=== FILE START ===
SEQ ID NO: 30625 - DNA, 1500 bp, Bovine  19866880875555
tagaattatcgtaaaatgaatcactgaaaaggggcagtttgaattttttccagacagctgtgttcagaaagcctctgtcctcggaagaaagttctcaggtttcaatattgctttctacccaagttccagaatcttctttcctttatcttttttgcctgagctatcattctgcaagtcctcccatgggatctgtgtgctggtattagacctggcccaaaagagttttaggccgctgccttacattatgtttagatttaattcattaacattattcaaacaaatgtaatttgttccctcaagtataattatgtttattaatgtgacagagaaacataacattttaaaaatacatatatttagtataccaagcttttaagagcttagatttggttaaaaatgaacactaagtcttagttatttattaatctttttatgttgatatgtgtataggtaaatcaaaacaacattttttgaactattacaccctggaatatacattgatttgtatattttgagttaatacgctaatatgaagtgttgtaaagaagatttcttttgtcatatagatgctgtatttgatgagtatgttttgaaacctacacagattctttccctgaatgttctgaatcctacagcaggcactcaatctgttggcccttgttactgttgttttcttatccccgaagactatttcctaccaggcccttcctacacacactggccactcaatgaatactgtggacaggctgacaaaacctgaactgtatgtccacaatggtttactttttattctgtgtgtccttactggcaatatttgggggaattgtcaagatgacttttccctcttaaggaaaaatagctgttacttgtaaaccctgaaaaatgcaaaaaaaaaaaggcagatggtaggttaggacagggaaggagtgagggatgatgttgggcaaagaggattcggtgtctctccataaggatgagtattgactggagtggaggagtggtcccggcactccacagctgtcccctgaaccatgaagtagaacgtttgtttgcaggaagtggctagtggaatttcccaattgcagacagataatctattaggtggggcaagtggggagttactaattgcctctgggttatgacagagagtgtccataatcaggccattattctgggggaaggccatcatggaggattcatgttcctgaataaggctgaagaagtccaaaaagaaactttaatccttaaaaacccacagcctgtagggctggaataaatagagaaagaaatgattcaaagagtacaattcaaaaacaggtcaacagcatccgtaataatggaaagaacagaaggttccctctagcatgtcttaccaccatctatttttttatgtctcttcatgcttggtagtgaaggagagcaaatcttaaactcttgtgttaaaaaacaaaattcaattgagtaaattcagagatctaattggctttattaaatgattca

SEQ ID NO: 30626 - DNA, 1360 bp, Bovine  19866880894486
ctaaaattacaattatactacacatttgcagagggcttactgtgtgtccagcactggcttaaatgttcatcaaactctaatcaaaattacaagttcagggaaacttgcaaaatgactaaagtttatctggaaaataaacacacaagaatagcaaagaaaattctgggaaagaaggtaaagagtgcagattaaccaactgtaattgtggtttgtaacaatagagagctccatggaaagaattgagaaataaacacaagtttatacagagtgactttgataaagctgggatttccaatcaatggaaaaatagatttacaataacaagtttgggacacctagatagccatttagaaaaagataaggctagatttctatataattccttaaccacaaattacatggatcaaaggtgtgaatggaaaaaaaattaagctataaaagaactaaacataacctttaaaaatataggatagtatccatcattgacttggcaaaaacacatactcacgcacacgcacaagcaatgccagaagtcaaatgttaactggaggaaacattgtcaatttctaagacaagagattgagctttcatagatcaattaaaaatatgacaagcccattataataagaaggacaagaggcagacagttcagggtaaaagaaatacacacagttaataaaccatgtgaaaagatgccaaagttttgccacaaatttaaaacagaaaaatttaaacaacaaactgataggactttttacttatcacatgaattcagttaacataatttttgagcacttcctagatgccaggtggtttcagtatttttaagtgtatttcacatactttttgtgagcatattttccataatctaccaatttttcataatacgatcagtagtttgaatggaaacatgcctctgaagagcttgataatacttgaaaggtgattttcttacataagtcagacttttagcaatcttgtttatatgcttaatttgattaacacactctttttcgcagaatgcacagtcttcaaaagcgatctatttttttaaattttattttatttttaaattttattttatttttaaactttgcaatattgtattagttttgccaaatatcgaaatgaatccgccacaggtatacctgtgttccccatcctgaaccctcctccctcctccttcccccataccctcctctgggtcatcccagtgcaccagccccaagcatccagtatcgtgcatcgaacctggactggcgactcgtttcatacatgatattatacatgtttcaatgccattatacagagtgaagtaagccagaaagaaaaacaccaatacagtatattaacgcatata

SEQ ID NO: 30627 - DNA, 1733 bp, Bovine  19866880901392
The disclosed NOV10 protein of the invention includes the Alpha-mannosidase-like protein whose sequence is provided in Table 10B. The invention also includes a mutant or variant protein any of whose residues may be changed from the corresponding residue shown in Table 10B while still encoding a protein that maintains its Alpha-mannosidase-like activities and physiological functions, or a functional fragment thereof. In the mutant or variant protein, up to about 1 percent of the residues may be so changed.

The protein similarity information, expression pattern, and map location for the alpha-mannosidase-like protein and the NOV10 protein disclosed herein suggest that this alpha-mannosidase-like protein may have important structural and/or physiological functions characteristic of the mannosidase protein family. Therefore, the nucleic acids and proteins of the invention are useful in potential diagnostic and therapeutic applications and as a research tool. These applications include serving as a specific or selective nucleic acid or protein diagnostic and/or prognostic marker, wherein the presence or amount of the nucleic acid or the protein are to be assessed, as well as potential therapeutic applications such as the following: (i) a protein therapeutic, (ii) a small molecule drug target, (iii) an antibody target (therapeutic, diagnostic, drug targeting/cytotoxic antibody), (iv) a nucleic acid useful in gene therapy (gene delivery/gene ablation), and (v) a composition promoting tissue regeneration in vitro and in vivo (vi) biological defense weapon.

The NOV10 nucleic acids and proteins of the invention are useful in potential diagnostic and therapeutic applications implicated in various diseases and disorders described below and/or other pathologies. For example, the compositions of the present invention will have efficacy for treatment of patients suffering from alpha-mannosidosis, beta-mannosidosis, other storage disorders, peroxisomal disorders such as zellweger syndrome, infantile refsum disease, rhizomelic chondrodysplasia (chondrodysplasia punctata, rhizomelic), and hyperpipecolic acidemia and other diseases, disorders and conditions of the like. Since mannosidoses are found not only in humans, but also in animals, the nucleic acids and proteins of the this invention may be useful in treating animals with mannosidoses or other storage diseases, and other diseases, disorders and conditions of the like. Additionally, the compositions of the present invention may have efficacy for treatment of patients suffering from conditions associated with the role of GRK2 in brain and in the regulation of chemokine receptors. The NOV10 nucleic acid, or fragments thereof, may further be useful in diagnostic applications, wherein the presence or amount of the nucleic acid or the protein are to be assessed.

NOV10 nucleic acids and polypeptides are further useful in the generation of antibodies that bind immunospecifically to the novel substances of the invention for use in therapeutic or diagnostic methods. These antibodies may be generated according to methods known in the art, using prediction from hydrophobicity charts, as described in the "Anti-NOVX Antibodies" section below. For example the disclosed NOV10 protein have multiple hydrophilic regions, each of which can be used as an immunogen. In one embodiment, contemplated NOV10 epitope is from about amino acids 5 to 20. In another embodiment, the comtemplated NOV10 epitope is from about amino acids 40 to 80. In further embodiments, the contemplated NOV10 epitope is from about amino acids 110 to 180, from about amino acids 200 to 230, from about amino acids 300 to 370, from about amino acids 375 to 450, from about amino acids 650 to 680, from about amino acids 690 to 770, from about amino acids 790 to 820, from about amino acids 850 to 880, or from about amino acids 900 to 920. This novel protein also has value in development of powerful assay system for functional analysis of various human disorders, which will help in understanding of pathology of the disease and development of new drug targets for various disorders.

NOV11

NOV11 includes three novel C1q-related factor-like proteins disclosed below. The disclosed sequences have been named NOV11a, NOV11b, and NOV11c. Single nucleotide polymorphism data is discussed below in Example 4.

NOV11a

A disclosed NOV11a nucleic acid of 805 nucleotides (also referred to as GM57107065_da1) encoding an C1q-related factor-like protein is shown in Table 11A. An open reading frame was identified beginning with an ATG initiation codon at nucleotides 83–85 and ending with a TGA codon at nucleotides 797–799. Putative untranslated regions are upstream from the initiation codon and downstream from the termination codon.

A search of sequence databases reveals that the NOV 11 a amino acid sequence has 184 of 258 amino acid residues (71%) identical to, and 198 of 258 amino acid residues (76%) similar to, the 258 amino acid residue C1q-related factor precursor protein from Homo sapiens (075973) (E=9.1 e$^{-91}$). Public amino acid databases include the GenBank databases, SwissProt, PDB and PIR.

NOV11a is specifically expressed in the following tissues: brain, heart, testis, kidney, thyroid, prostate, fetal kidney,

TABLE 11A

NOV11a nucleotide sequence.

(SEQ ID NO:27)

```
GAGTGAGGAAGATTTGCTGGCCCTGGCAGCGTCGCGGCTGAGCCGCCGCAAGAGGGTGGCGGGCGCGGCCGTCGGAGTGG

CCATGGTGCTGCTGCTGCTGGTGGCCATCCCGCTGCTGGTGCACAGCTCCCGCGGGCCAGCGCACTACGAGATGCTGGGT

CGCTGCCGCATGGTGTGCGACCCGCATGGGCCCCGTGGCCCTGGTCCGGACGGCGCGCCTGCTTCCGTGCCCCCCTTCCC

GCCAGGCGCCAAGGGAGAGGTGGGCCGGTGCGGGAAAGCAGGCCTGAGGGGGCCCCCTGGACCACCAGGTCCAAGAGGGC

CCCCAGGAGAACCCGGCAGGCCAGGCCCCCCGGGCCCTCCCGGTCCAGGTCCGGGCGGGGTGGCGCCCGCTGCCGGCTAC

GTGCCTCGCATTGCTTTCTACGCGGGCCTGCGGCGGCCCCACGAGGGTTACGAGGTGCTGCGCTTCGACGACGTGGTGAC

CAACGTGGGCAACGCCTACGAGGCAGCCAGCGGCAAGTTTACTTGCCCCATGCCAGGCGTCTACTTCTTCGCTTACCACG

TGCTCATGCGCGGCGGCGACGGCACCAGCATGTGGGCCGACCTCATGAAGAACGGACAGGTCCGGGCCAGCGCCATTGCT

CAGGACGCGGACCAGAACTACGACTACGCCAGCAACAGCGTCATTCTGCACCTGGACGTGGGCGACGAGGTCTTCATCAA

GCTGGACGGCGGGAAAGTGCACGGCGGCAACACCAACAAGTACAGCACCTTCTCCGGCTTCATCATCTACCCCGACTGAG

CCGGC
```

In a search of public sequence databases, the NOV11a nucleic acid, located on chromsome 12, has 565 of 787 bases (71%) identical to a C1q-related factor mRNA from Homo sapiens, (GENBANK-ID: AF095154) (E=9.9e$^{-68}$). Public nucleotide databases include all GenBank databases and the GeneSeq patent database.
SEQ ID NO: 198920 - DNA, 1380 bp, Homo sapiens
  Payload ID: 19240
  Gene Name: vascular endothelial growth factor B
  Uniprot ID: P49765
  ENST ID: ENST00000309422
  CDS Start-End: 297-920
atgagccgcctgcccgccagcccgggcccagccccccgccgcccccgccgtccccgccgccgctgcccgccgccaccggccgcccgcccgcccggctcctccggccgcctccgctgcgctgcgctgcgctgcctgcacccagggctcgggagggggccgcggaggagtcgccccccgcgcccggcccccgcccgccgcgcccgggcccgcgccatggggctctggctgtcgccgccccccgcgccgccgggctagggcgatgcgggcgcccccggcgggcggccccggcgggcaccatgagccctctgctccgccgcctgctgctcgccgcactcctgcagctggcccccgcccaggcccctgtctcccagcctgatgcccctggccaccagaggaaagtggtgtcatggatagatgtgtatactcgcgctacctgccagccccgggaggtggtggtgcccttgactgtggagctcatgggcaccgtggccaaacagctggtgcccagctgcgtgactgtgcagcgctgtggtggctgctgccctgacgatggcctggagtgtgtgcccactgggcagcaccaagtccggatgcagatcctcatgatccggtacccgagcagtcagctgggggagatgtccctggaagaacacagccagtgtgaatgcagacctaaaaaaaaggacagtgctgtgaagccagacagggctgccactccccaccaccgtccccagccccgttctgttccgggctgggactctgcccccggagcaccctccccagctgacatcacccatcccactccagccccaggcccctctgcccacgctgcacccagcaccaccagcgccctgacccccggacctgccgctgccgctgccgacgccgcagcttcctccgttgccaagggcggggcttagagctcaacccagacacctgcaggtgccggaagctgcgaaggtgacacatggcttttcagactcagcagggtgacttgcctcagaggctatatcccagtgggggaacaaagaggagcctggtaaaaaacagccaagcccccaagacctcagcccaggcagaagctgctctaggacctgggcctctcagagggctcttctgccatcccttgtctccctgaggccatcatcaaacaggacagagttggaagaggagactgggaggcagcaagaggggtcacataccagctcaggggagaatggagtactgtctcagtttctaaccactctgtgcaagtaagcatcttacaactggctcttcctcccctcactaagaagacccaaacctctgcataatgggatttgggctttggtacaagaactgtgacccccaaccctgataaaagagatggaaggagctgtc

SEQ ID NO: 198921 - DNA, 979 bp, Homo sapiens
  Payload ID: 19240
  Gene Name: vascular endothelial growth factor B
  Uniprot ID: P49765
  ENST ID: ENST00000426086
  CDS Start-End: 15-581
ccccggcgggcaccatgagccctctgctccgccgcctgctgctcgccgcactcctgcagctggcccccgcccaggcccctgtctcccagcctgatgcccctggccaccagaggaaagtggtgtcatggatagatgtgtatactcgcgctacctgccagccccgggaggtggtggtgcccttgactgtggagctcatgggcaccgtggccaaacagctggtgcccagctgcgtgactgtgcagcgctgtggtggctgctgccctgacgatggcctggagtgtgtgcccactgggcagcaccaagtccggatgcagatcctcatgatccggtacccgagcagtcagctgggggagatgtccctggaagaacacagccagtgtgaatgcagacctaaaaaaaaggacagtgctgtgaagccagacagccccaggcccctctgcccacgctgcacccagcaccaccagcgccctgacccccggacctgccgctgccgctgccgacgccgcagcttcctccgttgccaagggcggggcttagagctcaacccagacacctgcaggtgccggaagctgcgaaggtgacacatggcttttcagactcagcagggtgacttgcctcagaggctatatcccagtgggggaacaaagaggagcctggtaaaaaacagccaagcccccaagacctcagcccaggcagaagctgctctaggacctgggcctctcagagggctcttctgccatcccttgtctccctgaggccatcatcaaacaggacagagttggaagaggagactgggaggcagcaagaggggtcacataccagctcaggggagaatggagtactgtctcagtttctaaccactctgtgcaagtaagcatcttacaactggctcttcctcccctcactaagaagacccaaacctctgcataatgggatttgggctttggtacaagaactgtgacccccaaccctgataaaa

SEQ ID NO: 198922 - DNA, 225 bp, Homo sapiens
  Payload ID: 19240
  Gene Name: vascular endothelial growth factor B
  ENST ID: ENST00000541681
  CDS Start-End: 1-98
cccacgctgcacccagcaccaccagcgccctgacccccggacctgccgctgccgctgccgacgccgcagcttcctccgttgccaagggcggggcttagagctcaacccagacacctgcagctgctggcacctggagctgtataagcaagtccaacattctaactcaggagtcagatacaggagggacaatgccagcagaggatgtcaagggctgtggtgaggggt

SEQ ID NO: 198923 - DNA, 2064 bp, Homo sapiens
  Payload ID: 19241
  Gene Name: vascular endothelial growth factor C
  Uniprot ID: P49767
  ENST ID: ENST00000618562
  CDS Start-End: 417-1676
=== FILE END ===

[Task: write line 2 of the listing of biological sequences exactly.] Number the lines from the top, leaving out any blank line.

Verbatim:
tagaattatcgtaaaatgaatcactgaaaaggggcagtttgaattttttccagacagctgtgttcagaaagcctctgtcctcggaagaaagttctcaggtttcaatattgctttctacccaagttccagaatcttctttcctttatcttttttgcctgagctatcattctgcaagtcctcccatgggatctgtgtgctggtattagacctggcccaaaagagttttaggccgctgccttacattatgtttagatttaattcattaacattattcaaacaaatgtaatttgttccctcaagtataattatgtttattaatgtgacagagaaacataacattttaaaaatacatatatttagtataccaagcttttaagagcttagatttggttaaaaatgaacactaagtcttagttatttattaatctttttatgttgatatgtgtataggtaaatcaaaacaacattttttgaactattacaccctggaatatacattgatttgtatattttgagttaatacgctaatatgaagtgttgtaaagaagatttcttttgtcatatagatgctgtatttgatgagtatgttttgaaacctacacagattctttccctgaatgttctgaatcctacagcaggcactcaatctgttggcccttgttactgttgttttcttatccccgaagactatttcctaccaggcccttcctacacacactggccactcaatgaatactgtggacaggctgacaaaacctgaactgtatgtccacaatggtttactttttattctgtgtgtccttactggcaatatttgggggaattgtcaagatgacttttccctcttaaggaaaaatagctgttacttgtaaaccctgaaaaatgcaaaaaaaaaaaggcagatggtaggttaggacagggaaggagtgagggatgatgttgggcaaagaggattcggtgtctctccataaggatgagtattgactggagtggaggagtggtcccggcactccacagctgtcccctgaaccatgaagtagaacgtttgtttgcaggaagtggctagtggaatttcccaattgcagacagataatctattaggtggggcaagtggggagttactaattgcctctgggttatgacagagagtgtccataatcaggccattattctgggggaaggccatcatggaggattcatgttcctgaataaggctgaagaagtccaaaaagaaactttaatccttaaaaacccacagcctgtagggctggaataaatagagaaagaaatgattcaaagagtacaattcaaaaacaggtcaacagcatccgtaataatggaaagaacagaaggttccctctagcatgtcttaccaccatctatttttttatgtctcttcatgcttggtagtgaaggagagcaaatcttaaactcttgtgttaaaaaacaaaattcaattgagtaaattcagagatctaattggctttattaaatgattca